Coincidences between Biden and AMLO
In this context of macro-regional migration and humanitarian crises, the at least rhetorical convergence between Biden and AMLO is good news. According to the joint statement issued at the end of this presidential meeting, the parties proposed “to discuss cooperation mechanisms on migration and to advance joint efforts to promote development in southern Mexico and the northern triangle. of Central America “.
The declaration also recognizes the contributions of migrants to different countries of origin, transit and destination, and representatives are said to have pledged to “ promote migration policies that recognize the dignity of migrants, as well as the imperative of orderly, safe and regular migration. “.
The representatives also agreed to “collaborate in a joint effort to tackle the root causes of regional migration, improve management and develop legal channels for migration”.
In such a bilateral and multilateral effort, the governments of the two countries, as well as their Central American counterparts, as well as civil society and business actors, could promote economic development, fight corruption and cooperate in the field. law enforcement.
From the point of view of defending the national interests of the two countries, as well as humanitarian considerations, this advance of the Biden and AMLO governments could be supported by other social, political, economic, environmental and academic actors with links and interests. in the theme.
The formulation and implementation of public policies that promote social and environmental development and improve the quality of democracy in southern Mexico and Central America are truly urgent, necessary and relevant.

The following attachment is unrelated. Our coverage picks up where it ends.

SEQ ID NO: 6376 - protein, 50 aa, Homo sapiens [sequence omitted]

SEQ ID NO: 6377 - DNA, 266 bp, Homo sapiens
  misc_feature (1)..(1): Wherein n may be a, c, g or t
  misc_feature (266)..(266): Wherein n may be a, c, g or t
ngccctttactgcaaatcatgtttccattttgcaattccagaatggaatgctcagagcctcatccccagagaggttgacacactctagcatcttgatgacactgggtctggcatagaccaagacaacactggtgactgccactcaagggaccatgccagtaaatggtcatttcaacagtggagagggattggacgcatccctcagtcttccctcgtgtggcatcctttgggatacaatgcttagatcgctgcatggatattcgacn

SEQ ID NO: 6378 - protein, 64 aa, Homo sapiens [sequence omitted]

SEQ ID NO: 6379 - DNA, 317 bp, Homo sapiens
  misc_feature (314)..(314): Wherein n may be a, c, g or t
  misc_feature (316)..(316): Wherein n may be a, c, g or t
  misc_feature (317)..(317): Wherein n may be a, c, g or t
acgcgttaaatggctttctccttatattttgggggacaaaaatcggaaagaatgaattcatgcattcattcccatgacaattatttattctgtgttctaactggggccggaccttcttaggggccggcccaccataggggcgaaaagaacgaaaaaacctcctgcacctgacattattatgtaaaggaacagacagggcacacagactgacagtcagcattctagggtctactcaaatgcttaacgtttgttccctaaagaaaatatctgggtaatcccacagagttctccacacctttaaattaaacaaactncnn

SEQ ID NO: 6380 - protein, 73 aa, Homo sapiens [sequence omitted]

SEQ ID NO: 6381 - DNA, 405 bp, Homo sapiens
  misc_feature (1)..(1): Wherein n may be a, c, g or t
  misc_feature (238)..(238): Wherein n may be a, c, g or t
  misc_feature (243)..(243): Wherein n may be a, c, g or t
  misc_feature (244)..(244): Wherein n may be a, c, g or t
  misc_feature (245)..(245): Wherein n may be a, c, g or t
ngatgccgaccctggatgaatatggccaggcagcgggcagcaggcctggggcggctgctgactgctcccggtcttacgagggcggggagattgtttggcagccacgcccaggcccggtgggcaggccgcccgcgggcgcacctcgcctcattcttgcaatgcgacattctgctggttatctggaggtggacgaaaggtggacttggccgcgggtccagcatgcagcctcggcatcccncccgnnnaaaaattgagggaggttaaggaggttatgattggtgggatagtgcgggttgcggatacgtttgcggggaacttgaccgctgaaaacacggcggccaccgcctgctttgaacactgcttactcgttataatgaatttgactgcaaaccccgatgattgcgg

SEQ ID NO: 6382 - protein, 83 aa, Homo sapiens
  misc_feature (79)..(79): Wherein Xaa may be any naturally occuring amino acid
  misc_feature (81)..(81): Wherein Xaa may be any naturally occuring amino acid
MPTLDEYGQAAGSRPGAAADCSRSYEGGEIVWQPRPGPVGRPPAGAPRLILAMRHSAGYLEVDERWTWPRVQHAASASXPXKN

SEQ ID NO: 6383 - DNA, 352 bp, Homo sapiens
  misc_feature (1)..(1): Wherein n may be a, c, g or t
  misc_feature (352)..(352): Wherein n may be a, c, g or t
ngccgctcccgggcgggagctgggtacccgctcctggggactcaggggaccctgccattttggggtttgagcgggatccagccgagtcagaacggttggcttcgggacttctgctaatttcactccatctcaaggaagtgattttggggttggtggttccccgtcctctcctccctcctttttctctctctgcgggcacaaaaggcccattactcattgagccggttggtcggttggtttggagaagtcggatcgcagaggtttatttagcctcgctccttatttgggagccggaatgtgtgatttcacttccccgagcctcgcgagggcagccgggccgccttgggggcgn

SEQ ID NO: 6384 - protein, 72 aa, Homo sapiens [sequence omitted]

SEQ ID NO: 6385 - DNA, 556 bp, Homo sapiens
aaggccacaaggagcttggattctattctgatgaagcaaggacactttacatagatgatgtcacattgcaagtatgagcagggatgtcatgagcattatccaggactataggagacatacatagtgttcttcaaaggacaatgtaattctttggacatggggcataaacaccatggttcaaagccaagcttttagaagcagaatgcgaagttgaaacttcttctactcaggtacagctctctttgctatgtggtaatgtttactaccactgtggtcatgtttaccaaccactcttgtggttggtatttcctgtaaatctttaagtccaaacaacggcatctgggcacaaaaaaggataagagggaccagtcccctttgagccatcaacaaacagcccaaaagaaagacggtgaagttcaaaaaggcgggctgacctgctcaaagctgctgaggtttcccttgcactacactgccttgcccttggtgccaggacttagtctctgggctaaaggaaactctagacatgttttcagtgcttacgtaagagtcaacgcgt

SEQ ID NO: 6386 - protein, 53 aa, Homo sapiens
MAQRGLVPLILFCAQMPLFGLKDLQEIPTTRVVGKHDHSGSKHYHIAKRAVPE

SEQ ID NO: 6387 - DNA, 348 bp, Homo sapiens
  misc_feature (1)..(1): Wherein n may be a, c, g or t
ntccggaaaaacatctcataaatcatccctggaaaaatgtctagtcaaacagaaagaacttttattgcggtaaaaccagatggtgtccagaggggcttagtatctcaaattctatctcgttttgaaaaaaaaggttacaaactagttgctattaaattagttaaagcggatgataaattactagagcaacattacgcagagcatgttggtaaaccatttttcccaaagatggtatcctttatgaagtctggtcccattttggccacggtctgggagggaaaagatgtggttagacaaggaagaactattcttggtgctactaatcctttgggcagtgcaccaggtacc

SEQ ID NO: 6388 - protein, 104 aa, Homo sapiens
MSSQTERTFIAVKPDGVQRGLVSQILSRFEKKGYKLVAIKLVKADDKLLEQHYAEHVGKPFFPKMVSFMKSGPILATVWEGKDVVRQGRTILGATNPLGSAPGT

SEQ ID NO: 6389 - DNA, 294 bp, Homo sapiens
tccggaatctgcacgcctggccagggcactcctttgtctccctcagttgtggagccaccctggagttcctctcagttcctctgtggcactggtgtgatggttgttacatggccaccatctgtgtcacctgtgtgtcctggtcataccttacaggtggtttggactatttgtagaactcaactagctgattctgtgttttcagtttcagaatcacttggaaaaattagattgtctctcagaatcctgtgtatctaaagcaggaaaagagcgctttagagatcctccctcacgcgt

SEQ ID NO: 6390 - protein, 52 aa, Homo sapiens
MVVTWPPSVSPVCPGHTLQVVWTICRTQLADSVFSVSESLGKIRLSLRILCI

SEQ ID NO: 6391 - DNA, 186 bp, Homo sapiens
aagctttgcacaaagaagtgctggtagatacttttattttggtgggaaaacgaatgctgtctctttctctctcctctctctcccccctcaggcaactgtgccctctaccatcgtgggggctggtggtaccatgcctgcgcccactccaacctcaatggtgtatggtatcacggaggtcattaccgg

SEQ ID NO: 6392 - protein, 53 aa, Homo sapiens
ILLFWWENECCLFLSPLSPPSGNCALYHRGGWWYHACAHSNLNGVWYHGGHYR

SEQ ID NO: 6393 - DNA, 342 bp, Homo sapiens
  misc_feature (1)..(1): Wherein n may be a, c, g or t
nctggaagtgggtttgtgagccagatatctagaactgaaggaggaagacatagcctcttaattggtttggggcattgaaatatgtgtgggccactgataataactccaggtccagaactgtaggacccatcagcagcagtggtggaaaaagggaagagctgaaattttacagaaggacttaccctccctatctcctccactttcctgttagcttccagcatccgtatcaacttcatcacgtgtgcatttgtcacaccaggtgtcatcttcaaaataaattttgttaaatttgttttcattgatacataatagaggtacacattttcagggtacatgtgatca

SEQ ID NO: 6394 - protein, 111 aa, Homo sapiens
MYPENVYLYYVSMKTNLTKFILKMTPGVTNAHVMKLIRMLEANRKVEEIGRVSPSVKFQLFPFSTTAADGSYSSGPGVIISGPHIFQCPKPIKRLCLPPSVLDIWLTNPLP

The search for new horizons
People, families or communities only decide to leave their country and undertake a risky, dangerous and uncertain journey when they come to the sad conclusion that they will not be able to realize their plans and dreams in their own country. . It becomes a powerful incentive to seek new horizons abroad.
And if migration – especially refuge – is an alternative and even a right, the massive exodus of human resources certainly ends up being a virtual hemorrhage of the workforce to the countries of origin. In addition to being a political-administrative, labor and social challenge for transit and destination countries.
There is an opportunity to relaunch a more effective, constructive and united politico-diplomatic and social dialogue between the United States, Mexico and Central America. The tripartite dialogue in the Puebla process, known as the Regional Conference on Migration, was largely abandoned under the administration of Donald Trump.
The reactivation of this consultation and coordination mechanism could certainly help defuse the current humanitarian crisis represented by the caravans of the past three years. Only reformist, comprehensive and fraternal public policies can definitively solve the problem.
Spanish translation by Maria Isabel Santos Lima